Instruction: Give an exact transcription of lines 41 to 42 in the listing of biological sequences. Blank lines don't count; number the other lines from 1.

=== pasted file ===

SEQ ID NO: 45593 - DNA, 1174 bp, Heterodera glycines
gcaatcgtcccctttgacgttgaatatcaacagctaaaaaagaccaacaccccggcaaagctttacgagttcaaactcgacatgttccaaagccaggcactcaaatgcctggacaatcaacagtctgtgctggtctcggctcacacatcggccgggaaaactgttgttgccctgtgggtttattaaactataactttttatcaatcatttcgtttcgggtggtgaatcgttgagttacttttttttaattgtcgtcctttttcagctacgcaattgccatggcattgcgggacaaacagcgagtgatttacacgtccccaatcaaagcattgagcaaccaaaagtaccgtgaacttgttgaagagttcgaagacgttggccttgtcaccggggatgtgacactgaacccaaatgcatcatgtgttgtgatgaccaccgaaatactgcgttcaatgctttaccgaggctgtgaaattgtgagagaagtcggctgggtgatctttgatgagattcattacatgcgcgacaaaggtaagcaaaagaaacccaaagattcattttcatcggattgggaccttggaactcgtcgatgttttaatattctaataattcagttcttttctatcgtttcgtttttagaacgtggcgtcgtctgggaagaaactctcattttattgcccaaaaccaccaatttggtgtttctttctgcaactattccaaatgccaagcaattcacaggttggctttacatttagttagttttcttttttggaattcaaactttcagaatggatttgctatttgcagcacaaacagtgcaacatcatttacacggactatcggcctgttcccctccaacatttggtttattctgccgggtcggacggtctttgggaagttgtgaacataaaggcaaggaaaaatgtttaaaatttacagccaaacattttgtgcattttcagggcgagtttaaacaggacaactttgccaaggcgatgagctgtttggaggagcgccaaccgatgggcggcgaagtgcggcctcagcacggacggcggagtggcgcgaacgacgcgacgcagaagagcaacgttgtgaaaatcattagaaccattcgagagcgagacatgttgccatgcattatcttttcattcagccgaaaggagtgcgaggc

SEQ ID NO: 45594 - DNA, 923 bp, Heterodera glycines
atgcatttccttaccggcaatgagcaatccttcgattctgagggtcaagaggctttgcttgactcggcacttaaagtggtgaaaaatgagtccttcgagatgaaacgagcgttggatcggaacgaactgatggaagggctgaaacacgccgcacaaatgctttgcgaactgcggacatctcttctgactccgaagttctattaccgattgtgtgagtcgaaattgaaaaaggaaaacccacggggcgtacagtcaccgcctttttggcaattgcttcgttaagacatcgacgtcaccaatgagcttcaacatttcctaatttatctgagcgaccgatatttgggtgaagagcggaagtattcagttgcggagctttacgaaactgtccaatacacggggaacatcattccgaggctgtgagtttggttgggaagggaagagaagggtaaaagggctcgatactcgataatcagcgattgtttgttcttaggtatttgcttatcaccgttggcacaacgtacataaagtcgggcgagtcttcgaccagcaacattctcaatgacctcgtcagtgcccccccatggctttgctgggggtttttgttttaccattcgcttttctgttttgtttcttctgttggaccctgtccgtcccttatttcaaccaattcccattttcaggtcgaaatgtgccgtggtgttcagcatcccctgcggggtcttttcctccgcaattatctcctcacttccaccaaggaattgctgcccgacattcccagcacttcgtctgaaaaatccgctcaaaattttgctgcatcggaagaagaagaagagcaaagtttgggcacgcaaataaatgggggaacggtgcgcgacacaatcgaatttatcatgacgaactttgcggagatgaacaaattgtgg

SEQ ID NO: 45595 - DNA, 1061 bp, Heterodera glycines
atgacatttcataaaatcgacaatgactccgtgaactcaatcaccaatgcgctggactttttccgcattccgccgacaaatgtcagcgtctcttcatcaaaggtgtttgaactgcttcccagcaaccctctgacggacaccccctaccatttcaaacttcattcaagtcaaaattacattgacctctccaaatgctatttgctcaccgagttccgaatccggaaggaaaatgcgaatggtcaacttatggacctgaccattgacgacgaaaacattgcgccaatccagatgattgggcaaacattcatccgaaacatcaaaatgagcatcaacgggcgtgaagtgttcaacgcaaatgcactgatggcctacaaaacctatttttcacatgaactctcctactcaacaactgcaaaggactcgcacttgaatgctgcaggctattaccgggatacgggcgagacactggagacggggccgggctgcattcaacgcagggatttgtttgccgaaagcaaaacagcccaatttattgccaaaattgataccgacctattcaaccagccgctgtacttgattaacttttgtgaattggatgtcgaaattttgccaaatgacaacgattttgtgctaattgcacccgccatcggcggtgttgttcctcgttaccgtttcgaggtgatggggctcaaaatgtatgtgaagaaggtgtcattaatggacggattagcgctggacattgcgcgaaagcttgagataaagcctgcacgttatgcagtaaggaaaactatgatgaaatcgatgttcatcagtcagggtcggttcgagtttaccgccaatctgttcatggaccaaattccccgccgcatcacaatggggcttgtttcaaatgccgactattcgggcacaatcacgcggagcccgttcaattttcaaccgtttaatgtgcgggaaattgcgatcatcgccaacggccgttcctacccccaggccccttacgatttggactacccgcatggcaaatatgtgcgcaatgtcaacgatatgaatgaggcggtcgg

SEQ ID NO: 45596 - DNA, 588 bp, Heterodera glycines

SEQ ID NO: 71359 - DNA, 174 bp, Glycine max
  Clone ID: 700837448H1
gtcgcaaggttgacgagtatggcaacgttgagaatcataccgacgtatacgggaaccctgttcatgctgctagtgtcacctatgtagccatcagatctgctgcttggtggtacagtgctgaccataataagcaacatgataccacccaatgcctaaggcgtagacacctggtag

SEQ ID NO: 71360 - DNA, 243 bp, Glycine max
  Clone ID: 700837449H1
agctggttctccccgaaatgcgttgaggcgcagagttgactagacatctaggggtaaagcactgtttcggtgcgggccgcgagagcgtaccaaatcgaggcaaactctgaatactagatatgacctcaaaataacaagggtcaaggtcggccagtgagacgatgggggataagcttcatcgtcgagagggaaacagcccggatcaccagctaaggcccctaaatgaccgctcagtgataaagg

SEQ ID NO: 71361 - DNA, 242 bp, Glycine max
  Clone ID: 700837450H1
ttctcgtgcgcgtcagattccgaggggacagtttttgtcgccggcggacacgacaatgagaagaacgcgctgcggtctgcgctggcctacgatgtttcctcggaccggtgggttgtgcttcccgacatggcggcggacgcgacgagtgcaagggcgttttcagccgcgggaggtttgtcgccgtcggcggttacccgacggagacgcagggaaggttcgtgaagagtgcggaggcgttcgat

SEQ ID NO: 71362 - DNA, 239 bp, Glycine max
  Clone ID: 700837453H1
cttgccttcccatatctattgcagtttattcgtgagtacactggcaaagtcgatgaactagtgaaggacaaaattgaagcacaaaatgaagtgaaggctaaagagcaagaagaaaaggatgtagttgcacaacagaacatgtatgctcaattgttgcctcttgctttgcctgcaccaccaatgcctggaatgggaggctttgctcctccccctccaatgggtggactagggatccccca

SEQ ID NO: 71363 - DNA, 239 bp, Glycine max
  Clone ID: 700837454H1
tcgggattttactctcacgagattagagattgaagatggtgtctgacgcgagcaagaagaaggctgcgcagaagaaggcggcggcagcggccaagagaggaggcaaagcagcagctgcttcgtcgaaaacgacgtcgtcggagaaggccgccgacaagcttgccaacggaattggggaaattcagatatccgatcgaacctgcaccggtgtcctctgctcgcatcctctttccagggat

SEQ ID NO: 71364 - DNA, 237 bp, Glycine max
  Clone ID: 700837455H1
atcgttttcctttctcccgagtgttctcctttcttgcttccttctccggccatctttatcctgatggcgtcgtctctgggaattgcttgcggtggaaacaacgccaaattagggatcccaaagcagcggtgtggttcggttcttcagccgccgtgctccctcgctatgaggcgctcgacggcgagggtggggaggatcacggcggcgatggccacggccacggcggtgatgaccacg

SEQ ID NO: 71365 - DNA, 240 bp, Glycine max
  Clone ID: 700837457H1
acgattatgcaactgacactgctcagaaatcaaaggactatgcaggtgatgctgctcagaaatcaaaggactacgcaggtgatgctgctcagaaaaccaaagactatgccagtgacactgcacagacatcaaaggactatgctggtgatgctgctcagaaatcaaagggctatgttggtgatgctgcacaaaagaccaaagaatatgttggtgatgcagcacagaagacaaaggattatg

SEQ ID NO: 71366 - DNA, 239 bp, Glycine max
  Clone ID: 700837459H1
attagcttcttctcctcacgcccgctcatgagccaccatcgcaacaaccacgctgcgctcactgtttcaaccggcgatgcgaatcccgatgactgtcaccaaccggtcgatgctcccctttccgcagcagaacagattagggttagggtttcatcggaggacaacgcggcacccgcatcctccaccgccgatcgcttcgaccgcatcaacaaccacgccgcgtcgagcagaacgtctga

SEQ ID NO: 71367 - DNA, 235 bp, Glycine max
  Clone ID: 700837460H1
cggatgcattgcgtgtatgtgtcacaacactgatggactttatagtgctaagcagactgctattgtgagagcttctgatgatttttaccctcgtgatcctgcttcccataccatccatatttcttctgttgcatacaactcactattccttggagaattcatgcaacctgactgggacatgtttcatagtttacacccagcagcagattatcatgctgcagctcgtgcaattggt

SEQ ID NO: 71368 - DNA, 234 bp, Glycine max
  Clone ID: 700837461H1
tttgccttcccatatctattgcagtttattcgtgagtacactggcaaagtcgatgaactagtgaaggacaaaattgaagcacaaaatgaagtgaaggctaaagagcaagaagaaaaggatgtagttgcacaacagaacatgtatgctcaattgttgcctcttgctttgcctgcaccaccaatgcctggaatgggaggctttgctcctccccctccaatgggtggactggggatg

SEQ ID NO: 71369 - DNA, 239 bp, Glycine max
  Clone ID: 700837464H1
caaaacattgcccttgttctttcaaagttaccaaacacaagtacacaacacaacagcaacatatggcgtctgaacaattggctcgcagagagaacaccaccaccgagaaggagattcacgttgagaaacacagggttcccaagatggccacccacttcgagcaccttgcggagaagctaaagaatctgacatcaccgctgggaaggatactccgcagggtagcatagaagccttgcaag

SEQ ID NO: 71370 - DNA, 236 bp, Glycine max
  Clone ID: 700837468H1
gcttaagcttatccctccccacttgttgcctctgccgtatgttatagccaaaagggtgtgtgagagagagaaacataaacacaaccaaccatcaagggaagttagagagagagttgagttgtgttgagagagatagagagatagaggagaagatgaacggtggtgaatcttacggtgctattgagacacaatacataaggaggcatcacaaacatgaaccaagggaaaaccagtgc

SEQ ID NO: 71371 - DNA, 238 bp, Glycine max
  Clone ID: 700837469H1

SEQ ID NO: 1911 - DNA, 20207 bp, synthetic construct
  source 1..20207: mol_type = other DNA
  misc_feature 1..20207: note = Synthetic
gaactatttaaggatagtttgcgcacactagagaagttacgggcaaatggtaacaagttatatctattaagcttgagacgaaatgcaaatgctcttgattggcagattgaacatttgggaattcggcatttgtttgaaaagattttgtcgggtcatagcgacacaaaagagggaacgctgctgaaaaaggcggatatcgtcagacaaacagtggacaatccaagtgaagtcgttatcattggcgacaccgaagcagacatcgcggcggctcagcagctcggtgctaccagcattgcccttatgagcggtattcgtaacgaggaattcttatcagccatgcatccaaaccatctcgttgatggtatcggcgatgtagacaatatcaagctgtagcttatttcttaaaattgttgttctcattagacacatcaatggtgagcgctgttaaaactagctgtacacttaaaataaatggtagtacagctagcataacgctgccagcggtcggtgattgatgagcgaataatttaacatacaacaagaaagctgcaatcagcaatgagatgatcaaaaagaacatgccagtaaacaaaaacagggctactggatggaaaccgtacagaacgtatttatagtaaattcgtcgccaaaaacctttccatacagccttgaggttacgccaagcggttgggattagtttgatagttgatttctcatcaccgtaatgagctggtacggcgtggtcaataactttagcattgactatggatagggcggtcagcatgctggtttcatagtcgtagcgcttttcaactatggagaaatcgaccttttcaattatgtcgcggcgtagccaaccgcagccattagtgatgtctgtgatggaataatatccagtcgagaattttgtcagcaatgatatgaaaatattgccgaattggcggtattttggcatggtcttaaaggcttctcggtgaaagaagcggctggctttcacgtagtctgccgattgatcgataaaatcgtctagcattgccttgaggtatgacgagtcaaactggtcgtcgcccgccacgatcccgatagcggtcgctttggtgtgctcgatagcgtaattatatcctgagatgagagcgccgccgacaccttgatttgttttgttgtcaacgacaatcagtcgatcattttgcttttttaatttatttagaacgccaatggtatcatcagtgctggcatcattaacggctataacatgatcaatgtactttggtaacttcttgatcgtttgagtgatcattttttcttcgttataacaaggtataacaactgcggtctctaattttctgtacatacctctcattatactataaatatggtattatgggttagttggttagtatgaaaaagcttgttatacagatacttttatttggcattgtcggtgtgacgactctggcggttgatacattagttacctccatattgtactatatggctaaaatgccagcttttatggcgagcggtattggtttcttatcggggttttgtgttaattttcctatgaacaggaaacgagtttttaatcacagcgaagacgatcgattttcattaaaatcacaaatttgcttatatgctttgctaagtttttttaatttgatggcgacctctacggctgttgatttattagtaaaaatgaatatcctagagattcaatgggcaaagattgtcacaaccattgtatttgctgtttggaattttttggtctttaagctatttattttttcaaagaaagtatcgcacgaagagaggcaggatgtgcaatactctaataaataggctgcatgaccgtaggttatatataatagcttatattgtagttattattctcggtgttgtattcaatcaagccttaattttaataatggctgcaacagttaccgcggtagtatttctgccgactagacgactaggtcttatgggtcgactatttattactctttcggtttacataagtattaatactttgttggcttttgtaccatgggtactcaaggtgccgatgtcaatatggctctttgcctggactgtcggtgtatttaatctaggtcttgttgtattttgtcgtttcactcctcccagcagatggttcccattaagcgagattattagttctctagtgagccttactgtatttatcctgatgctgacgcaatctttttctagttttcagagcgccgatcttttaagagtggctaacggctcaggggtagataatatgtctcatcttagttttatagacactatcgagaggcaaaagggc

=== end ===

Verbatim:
SEQ ID NO: 71370 - DNA, 236 bp, Glycine max
  Clone ID: 700837468H1